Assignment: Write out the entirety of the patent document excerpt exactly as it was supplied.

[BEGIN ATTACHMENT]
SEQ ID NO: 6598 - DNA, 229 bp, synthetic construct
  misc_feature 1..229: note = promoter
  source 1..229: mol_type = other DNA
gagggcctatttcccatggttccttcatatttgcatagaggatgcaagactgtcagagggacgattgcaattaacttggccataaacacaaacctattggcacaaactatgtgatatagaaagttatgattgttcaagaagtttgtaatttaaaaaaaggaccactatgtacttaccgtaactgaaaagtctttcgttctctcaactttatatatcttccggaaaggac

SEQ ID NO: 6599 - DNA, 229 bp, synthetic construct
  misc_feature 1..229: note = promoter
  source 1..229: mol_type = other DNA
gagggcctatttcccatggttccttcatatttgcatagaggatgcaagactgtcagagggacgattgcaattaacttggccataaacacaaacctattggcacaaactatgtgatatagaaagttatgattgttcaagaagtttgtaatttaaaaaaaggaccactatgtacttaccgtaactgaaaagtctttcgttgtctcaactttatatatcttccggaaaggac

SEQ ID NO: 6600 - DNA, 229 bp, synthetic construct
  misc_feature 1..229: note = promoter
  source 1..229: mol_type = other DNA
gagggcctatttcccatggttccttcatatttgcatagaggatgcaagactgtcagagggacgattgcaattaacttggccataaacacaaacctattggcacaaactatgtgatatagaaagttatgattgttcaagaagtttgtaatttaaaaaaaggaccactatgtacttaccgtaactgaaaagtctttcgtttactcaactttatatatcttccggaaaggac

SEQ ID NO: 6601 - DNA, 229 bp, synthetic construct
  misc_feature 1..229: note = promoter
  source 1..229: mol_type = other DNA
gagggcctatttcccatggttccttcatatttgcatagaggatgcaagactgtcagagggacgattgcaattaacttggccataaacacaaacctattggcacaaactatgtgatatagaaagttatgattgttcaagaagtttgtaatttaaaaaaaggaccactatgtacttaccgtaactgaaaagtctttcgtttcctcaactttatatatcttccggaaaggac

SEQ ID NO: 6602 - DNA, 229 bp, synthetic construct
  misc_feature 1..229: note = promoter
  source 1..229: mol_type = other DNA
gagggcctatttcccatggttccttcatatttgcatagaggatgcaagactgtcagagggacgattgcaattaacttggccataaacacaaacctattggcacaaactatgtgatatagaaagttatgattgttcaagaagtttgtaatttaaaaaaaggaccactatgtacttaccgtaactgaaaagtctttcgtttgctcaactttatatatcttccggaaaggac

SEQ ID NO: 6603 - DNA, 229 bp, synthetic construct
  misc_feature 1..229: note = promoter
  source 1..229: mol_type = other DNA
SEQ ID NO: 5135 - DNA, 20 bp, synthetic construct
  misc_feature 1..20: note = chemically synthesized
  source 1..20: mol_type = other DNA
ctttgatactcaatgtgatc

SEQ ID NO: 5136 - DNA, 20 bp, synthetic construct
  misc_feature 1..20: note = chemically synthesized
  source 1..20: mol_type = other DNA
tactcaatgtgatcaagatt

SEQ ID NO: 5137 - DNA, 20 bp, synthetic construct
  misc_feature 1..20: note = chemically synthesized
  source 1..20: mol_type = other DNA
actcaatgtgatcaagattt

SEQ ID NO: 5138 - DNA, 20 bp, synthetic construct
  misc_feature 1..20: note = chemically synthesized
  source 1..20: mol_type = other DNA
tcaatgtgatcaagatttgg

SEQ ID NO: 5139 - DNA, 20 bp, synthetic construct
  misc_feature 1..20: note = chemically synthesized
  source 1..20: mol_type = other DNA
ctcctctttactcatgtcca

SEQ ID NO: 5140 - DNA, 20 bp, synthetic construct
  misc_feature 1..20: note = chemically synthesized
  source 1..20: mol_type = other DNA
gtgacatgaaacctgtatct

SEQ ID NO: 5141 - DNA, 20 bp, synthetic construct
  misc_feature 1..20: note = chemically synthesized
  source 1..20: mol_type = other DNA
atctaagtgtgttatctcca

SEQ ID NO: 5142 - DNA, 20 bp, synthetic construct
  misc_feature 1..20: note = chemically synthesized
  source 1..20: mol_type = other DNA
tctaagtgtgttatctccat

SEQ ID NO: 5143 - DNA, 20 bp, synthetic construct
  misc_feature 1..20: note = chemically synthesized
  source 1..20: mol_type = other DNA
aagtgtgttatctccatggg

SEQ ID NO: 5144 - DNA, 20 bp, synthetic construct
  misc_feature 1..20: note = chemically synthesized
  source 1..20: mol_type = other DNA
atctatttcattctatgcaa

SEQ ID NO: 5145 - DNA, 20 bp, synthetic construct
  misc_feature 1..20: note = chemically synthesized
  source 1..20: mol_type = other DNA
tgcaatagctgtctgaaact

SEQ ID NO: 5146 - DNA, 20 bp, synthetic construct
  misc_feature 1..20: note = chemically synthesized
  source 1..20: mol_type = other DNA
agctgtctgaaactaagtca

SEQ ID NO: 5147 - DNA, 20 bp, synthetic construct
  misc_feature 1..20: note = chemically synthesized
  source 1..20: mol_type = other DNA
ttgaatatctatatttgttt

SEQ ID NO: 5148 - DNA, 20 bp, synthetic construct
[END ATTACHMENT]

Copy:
SEQ ID NO: 6598 - DNA, 229 bp, synthetic construct
  misc_feature 1..229: note = promoter
  source 1..229: mol_type = other DNA
gagggcctatttcccatggttccttcatatttgcatagaggatgcaagactgtcagagggacgattgcaattaacttggccataaacacaaacctattggcacaaactatgtgatatagaaagttatgattgttcaagaagtttgtaatttaaaaaaaggaccactatgtacttaccgtaactgaaaagtctttcgttctctcaactttatatatcttccggaaaggac

SEQ ID NO: 6599 - DNA, 229 bp, synthetic construct
  misc_feature 1..229: note = promoter
  source 1..229: mol_type = other DNA
gagggcctatttcccatggttccttcatatttgcatagaggatgcaagactgtcagagggacgattgcaattaacttggccataaacacaaacctattggcacaaactatgtgatatagaaagttatgattgttcaagaagtttgtaatttaaaaaaaggaccactatgtacttaccgtaactgaaaagtctttcgttgtctcaactttatatatcttccggaaaggac

SEQ ID NO: 6600 - DNA, 229 bp, synthetic construct
  misc_feature 1..229: note = promoter
  source 1..229: mol_type = other DNA
gagggcctatttcccatggttccttcatatttgcatagaggatgcaagactgtcagagggacgattgcaattaacttggccataaacacaaacctattggcacaaactatgtgatatagaaagttatgattgttcaagaagtttgtaatttaaaaaaaggaccactatgtacttaccgtaactgaaaagtctttcgtttactcaactttatatatcttccggaaaggac

SEQ ID NO: 6601 - DNA, 229 bp, synthetic construct
  misc_feature 1..229: note = promoter
  source 1..229: mol_type = other DNA
gagggcctatttcccatggttccttcatatttgcatagaggatgcaagactgtcagagggacgattgcaattaacttggccataaacacaaacctattggcacaaactatgtgatatagaaagttatgattgttcaagaagtttgtaatttaaaaaaaggaccactatgtacttaccgtaactgaaaagtctttcgtttcctcaactttatatatcttccggaaaggac

SEQ ID NO: 6602 - DNA, 229 bp, synthetic construct
  misc_feature 1..229: note = promoter
  source 1..229: mol_type = other DNA
gagggcctatttcccatggttccttcatatttgcatagaggatgcaagactgtcagagggacgattgcaattaacttggccataaacacaaacctattggcacaaactatgtgatatagaaagttatgattgttcaagaagtttgtaatttaaaaaaaggaccactatgtacttaccgtaactgaaaagtctttcgtttgctcaactttatatatcttccggaaaggac

SEQ ID NO: 6603 - DNA, 229 bp, synthetic construct
  misc_feature 1..229: note = promoter
  source 1..229: mol_type = other DNA
SEQ ID NO: 5135 - DNA, 20 bp, synthetic construct
  misc_feature 1..20: note = chemically synthesized
  source 1..20: mol_type = other DNA
ctttgatactcaatgtgatc

SEQ ID NO: 5136 - DNA, 20 bp, synthetic construct
  misc_feature 1..20: note = chemically synthesized
  source 1..20: mol_type = other DNA
tactcaatgtgatcaagatt

SEQ ID NO: 5137 - DNA, 20 bp, synthetic construct
  misc_feature 1..20: note = chemically synthesized
  source 1..20: mol_type = other DNA
actcaatgtgatcaagattt

SEQ ID NO: 5138 - DNA, 20 bp, synthetic construct
  misc_feature 1..20: note = chemically synthesized
  source 1..20: mol_type = other DNA
tcaatgtgatcaagatttgg

SEQ ID NO: 5139 - DNA, 20 bp, synthetic construct
  misc_feature 1..20: note = chemically synthesized
  source 1..20: mol_type = other DNA
ctcctctttactcatgtcca

SEQ ID NO: 5140 - DNA, 20 bp, synthetic construct
  misc_feature 1..20: note = chemically synthesized
  source 1..20: mol_type = other DNA
gtgacatgaaacctgtatct

SEQ ID NO: 5141 - DNA, 20 bp, synthetic construct
  misc_feature 1..20: note = chemically synthesized
  source 1..20: mol_type = other DNA
atctaagtgtgttatctcca

SEQ ID NO: 5142 - DNA, 20 bp, synthetic construct
  misc_feature 1..20: note = chemically synthesized
  source 1..20: mol_type = other DNA
tctaagtgtgttatctccat

SEQ ID NO: 5143 - DNA, 20 bp, synthetic construct
  misc_feature 1..20: note = chemically synthesized
  source 1..20: mol_type = other DNA
aagtgtgttatctccatggg

SEQ ID NO: 5144 - DNA, 20 bp, synthetic construct
  misc_feature 1..20: note = chemically synthesized
  source 1..20: mol_type = other DNA
atctatttcattctatgcaa

SEQ ID NO: 5145 - DNA, 20 bp, synthetic construct
  misc_feature 1..20: note = chemically synthesized
  source 1..20: mol_type = other DNA
tgcaatagctgtctgaaact

SEQ ID NO: 5146 - DNA, 20 bp, synthetic construct
  misc_feature 1..20: note = chemically synthesized
  source 1..20: mol_type = other DNA
agctgtctgaaactaagtca

SEQ ID NO: 5147 - DNA, 20 bp, synthetic construct
  misc_feature 1..20: note = chemically synthesized
  source 1..20: mol_type = other DNA
ttgaatatctatatttgttt

SEQ ID NO: 5148 - DNA, 20 bp, synthetic construct